Porn site Luscious data breach affected 1.2 million user profiles

by Linas Kiguolis - -

Authentication failure of a niche porn site exposes users' emails and related account activity

Data breach in adult site Luscious

An adult site that promises its users anonymity got affected by a data breach.[1] A popular hentai porn site Luscious that has more than one million registered users and racks up to 20 million monthly visits exposed an unprotected database consisting of user-profiles, allowing anyone to view it. Such data potentially can help identify members based on their email addresses and other information.

vpnMentor research team discovered the potential compromise of the Luscious website on August 15th and reported the findings to the site owners a day later.[2] While the action to prevent further exposure was taken three days later, it is yet unknown whether any other hackers managed to get to the sensitive data before it was secured on August 19th.

As soon as users create the profile on the site, they can comment on, upload, share, and favorite various adult content posted on Luscious. Evidently, users who visit these sites expect their identities to be anonymous, as they are only exposed via their username, which they establish during the profile creation process. Unfortunately, the data breach of such kind renders many site visitors vulnerable to cyberbullying, phishing, money extortion, and other threats.

Noam Roten and Ran Locar, the researchers who disclosed the unprotected database on the Luscious site, commended with the following statement:

The data breach our team discovered compromises this anonymity by potentially allowing hackers to access the personal details of users, including their personal email address. The highly sensitive and private nature of Luscious’ content makes users incredibly vulnerable to a range of attacks and exploitation by malicious hackers.

Exposed 1.2 million users located around the world. Some accounts were registered using government emails

Although more than 20% of users use fake email addresses when registering such accounts, other members can be identified easily from the email address alone, as the exposed database also included their full names. This type of compromise can deepen the impact of the breach can lead to various issues regarding people privacy and even result in identity theft.[3]

Personal details and information about members' behavior that was exposed during includes:

  • usernames;
  • email addresses;
  • activity logs;
  • country;
  • gender;
  • upleads, the number of albums
  • comments;
  • blog posts;
  • favorites;
  • followers and following accounts;
  • the user ID that allows seeing how active the user has been.

Most of these details can not be seen by other users and are hidden in the website database, as researchers note. Unfortunately, the anonymous content due to the data breach becomes no longer private, and many identities might have been revealed to malicious actors. Blog posts and images uploaded to the site got exposed with additional details on who has created them.[4]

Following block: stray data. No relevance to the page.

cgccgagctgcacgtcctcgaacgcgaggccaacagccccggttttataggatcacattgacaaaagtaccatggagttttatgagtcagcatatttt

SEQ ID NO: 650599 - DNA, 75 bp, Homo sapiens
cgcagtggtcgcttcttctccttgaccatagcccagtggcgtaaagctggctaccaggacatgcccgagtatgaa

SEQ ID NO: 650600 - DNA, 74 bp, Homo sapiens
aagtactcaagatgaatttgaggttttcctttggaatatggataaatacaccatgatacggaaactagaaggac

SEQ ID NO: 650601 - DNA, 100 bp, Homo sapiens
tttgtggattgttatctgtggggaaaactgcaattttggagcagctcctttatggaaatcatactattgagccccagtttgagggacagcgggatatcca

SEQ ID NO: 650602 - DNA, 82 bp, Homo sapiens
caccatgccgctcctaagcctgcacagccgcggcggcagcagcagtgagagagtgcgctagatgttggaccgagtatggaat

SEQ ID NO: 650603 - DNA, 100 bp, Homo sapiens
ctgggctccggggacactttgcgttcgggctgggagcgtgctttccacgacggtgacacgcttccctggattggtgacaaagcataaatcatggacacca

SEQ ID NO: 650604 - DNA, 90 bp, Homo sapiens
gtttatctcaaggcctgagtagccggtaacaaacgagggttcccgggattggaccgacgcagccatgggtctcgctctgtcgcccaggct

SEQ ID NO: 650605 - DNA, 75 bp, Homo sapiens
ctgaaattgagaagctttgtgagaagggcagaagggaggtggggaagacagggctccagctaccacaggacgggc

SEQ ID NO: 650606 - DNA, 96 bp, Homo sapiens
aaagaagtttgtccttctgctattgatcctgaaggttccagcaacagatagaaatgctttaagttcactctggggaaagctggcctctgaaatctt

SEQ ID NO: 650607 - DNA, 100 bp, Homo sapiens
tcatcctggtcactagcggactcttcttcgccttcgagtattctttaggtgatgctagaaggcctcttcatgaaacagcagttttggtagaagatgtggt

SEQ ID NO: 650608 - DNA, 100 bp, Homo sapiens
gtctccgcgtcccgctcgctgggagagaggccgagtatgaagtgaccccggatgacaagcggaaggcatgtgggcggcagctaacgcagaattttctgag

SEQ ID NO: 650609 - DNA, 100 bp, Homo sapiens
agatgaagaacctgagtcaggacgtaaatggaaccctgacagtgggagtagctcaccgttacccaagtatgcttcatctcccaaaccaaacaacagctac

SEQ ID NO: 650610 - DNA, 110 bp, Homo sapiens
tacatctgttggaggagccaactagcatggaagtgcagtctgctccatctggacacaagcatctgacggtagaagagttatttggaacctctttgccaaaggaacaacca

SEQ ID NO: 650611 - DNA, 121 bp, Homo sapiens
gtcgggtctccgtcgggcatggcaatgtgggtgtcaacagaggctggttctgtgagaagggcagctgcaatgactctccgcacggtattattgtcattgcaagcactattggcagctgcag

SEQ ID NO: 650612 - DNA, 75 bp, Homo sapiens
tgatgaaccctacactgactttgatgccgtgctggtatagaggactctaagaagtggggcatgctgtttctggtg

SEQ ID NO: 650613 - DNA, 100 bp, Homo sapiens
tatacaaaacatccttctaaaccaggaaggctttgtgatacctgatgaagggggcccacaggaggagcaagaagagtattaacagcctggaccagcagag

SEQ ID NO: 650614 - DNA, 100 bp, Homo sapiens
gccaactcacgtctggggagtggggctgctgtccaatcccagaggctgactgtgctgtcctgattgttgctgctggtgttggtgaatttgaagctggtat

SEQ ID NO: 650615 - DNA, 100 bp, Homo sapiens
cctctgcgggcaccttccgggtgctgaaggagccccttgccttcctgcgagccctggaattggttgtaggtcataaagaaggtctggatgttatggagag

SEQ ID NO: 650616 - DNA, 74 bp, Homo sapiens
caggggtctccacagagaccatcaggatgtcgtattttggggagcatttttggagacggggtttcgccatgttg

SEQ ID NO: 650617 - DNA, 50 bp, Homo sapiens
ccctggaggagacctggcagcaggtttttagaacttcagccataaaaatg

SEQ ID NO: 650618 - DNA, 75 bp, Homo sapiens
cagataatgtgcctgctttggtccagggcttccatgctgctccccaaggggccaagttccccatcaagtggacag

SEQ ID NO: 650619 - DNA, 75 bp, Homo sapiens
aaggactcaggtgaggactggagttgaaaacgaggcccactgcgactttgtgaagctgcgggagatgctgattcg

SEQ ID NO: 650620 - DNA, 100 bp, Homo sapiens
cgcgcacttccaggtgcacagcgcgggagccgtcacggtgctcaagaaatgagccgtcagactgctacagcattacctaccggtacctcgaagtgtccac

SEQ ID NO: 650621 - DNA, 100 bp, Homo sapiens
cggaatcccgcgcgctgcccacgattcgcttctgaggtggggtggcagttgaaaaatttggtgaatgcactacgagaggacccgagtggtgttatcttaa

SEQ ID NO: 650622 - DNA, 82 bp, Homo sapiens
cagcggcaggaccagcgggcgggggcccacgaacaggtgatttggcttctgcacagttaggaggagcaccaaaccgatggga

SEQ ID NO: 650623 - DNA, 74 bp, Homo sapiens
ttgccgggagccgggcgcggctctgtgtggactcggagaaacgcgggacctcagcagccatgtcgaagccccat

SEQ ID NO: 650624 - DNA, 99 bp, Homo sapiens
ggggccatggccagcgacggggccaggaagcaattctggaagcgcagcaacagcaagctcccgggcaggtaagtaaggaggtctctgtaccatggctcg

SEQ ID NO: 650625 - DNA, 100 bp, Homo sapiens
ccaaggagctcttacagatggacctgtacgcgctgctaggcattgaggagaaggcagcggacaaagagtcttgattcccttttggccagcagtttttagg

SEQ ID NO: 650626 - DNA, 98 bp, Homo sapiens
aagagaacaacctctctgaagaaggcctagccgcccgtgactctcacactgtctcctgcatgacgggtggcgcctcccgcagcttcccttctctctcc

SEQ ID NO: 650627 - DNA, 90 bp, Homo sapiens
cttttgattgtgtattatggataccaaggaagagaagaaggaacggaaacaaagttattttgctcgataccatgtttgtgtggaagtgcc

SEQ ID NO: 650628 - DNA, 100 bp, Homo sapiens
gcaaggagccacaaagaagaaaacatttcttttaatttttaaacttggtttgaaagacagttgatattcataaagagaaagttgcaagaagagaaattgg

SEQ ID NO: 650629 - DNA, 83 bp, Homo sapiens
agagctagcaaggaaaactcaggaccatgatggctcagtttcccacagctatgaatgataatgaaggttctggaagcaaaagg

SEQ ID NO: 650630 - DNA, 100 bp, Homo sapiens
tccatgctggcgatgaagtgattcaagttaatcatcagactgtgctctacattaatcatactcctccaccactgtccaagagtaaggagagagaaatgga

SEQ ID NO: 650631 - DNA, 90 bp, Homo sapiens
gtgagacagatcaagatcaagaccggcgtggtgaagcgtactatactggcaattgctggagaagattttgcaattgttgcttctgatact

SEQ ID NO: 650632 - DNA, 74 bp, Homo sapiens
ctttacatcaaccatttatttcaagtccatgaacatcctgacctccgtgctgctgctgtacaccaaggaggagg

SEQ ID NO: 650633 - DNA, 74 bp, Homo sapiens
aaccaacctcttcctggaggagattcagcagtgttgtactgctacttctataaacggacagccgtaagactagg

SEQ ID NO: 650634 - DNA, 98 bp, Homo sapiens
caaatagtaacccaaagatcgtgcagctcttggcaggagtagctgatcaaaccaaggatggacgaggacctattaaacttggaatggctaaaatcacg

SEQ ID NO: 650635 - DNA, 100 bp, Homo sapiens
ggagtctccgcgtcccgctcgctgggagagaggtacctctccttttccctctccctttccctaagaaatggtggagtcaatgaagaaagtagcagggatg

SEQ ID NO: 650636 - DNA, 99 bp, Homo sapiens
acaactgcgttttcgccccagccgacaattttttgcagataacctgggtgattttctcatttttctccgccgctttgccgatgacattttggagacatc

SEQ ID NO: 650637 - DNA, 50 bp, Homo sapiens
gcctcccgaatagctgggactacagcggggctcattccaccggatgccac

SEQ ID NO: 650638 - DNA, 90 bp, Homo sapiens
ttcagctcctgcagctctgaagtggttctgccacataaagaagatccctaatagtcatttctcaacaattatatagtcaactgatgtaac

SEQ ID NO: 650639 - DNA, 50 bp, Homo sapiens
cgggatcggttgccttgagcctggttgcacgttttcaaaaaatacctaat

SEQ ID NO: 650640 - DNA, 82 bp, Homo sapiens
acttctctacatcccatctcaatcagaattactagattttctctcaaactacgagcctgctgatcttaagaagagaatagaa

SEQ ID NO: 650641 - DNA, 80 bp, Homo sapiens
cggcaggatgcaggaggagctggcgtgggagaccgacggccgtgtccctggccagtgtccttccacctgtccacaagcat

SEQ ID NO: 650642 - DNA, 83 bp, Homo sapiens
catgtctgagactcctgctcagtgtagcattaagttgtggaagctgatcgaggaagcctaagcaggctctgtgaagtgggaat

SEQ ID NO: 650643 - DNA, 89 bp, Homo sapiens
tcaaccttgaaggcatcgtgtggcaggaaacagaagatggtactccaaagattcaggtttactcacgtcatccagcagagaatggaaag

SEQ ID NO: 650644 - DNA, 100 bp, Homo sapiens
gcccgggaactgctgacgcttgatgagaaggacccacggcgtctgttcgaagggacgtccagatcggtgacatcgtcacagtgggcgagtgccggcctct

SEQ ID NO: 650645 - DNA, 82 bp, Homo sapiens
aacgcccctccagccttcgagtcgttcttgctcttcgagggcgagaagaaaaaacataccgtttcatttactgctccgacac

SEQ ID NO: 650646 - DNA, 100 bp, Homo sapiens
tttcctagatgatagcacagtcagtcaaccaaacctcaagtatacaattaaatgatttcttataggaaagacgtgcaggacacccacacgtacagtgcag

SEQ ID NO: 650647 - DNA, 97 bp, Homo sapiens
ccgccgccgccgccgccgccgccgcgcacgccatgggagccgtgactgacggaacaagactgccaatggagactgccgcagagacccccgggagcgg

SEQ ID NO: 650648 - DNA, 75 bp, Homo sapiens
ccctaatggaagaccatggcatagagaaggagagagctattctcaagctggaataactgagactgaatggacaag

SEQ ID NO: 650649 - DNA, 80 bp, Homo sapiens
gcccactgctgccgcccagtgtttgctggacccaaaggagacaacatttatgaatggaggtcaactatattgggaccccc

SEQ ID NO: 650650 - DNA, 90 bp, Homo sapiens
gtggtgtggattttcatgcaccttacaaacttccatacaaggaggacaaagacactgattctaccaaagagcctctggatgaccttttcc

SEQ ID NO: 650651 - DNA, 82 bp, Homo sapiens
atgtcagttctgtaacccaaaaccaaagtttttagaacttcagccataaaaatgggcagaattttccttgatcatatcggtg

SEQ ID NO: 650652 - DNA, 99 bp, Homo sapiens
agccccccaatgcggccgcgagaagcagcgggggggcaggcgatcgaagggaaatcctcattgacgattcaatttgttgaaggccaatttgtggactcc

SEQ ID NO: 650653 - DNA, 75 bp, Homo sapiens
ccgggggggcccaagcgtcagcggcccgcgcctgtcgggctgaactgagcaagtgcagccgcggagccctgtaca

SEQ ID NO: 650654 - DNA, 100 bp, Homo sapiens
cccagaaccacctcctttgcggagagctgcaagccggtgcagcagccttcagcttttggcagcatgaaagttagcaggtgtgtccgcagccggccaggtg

According to the information that vpnMentor research team managed to access, the registered accounts came from all over the world – Europe, Asia, Australia, and the Americas. While it was difficult to determine the precise number of users' geolocation based on their email accounts alone, researchers estimated that most users came from Germany (50,000), France (~40,000), and Russia (~35,000).

While checking the data, security experts also found a few hundred government-issued email addresses (.gov and .edu) that were used to register to Luscious. The data exposure of government official could be devastating not only to the individuals but the institutions as well, possibly allowing access to their other accounts.

Even though the unprotected Luscious database has been closed, some users' privacy might have already been compromised

Techcrunch, which was given restricted access to the vpnMentor team's investigation report, tried to reach Luscious.net owner on numerous occasions using various social media platforms in order to prevent the exposed data compromise, but the response never came:[5]

We emailed the owner — whose email address was found in the very first user record — to disclose the security lapse, but we did not hear back after several follow-ups. We sent the owner a note through the site’s contact form, through Facebook Messenger and over a LinkedIn contact request, and we sent several text messages based off the site’s historical registration data.

Consequently, the web host was contacted and the access to the database was closed, allowing the publication of the ordeal to the public. Only after that, the site owner reacted and said that “We will be reaching out to any compromised users to warn them about the potential exposure of their private email addresses.”

People affected by the data breach should be warned about potential exposure of their email addresses and personal information. If you are one of those users, you should immediately change the username and the associated email. Additionally, while passwords were not stored on the leaky database, changing them is highly recommended as a precautionary measure.

About the author

Linas Kiguolis
Linas Kiguolis - Expert in social media

Linas Kiguolis is one of News Editors and also the Social Media Manager of 2spyware project. He is an Applied Computer Science professional whose expertise in cyber security is a valuable addition to the team.

Contact Linas Kiguolis
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